Relief from Sanctions: is the CPR obstructing access to justice?

Our Commercial Litigation solicitors comment on this ever changing and important area of litigation law.

The 2013 Jackson reforms brought changes to the Civil Procedure Rules (CPR) relating to, inter alia, applications for relief from sanctions; in essence, the courts were less tolerant of breaches of the Rules and unjustified delays. The court’s approach was then updated to allow Judges to have further discretion in applications for relief. However, despite the reforms, the court’s approach to litigants in person remains stringent. Following a reduction in legal aid and conditional fee agreements, there is an increase in the number of individuals acting without legal assistance and who are resorting to issue or defend proceedings against companies and/or other individuals as litigants in person. Whilst the court is required to treat both represented and unrepresented parties on a level playing field, should the court ought to allow flexibility in their findings for these individuals in line with the course of justice?

A STRINGENT APPROACH  

The court interpreted the test in Mitchell v Newsgroup Newspapers [2013] EWCA Civ 1537 and took a ‘no nonsense’ approach towards applications for relief from sanctions. In circumstances where the breach was ‘trivial’, the party seeking relief was usually granted relief provided that an application was made promptly. On the other hand, if the breach could not be characterised as ‘trivial’, then the burden is on the defaulting party to persuade the court to grant relief. Essentially, this case made it clear that if there was a very good reason for the breach or failure to comply, then relief will usually be granted. This subsequently led to an increase in satellite litigation.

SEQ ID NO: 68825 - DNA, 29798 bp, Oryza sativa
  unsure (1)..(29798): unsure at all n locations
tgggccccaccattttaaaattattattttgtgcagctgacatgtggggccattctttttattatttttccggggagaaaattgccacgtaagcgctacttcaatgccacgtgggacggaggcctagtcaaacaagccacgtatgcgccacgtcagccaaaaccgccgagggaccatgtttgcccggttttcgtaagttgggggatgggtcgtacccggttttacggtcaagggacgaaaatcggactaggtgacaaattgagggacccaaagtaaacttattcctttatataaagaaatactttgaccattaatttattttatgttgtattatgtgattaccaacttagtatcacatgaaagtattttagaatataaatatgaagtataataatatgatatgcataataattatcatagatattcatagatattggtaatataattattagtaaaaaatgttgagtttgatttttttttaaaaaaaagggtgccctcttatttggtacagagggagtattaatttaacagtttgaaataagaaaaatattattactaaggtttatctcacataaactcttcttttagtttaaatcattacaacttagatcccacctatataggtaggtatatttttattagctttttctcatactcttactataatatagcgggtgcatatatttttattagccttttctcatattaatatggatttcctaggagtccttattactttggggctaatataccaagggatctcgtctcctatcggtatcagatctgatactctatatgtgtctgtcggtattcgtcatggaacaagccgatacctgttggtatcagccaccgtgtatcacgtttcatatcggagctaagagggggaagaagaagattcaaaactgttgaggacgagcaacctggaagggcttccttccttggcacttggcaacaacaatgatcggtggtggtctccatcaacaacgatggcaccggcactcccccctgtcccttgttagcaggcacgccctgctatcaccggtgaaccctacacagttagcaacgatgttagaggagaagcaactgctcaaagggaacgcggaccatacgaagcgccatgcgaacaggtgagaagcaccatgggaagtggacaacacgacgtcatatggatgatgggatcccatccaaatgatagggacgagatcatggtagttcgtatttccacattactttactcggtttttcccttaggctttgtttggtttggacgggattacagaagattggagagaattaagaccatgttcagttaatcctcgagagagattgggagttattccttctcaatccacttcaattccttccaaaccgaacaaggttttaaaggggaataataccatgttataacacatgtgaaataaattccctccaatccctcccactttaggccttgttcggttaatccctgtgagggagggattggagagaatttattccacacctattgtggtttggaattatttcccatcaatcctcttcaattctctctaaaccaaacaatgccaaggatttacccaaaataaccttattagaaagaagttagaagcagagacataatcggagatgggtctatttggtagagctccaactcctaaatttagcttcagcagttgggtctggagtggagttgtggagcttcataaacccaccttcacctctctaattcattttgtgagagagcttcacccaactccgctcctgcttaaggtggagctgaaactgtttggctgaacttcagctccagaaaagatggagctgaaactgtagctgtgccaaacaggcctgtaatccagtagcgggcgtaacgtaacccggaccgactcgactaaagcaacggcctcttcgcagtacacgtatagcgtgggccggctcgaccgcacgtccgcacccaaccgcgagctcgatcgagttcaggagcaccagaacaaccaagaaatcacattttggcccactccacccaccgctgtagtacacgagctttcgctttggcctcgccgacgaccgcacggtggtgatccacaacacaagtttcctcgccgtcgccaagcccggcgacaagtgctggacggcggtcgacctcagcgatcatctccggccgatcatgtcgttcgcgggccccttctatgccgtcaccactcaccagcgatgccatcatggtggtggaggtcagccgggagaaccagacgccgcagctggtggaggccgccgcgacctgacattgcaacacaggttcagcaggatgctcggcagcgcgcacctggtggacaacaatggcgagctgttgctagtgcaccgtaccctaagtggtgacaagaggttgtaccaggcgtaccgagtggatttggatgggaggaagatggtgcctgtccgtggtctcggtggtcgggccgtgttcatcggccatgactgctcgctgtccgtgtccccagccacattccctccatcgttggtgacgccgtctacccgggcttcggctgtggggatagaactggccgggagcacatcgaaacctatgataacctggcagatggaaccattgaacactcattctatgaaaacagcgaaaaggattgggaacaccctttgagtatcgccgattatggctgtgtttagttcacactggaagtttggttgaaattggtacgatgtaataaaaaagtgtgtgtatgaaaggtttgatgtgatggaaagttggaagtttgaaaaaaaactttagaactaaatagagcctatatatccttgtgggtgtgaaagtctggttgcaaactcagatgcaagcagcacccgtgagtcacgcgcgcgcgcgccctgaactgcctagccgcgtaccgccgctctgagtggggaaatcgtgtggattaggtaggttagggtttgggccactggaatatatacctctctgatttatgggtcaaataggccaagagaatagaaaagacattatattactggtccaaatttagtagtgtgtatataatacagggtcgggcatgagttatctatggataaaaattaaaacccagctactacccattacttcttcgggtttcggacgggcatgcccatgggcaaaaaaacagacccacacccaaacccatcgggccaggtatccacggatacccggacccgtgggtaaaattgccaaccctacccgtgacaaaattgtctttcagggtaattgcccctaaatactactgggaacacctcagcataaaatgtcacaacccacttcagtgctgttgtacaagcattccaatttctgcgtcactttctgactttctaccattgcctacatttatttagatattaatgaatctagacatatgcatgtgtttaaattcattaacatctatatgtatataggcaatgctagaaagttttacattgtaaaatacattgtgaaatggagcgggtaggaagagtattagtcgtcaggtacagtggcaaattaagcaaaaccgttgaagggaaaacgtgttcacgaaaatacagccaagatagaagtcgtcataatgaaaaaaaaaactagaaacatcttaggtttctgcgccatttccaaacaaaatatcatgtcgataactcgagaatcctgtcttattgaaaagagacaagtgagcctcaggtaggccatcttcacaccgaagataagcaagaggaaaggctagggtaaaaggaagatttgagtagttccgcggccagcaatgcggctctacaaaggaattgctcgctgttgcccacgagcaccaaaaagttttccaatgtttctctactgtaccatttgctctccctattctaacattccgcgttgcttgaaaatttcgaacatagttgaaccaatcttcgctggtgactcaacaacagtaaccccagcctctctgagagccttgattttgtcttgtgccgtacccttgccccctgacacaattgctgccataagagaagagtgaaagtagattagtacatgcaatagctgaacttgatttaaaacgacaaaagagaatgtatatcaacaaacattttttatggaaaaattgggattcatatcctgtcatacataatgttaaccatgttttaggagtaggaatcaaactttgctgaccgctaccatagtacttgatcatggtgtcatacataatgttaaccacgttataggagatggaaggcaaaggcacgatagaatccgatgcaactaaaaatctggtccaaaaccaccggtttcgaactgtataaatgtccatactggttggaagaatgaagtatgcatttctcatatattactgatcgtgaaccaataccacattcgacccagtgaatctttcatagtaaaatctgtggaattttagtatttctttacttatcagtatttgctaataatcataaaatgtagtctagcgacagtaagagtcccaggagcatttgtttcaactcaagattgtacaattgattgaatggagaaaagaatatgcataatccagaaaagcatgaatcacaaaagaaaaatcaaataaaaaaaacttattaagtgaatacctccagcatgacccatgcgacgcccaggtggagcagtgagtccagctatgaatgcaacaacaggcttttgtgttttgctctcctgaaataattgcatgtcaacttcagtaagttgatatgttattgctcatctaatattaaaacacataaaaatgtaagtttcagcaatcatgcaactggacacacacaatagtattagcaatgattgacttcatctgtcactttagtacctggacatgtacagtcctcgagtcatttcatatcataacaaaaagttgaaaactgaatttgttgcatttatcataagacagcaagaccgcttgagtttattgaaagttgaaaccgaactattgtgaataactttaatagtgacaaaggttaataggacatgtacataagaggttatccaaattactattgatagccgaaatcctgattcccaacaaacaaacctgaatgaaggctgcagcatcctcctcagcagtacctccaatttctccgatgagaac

A MORE FLEXIBLE APPROACH

However, the Court of Appeal in Denton v TH White Ltd [2004] EWCA Civ 906 considered Mitchell to be misunderstood and clarified the points made by adopting a more tempered three stage test for applications. The court also warned of the substantial costs that could be imposed on those parties who were unreasonably trying to take tactical advantage of an opponent’s breach and implemented further factors to consider. In Denton it was ruled that in every case, the court must consider all of the circumstances. The test requires:

  1. the court to identify and assess the seriousness and significance of the failure to comply with any rule, practice direction or court order;
  2. the court should consider why the default occurred;
  3. the court should evaluate all circumstances of the case, so as to enable it to deal justly with the application

Therefore, if there is a serious or significant breach and there is no good reason for the breach, then an application for relief from sanctions will not automatically fail as it had done in the past, following Mitchell. The courts no longer focus on the triviality of the breach, unless it is used to decide whether the breach was serious or significant.

LITIGANTS IN PERSON

Despite Denton providing further discretion for the court, it held a strict line approach in Barton Wright Hassall LLP [2018] UKSC 12. The Supreme Court held that litigants in person will not receive special consideration if they have failed to comply with CPR, when the rules are clear.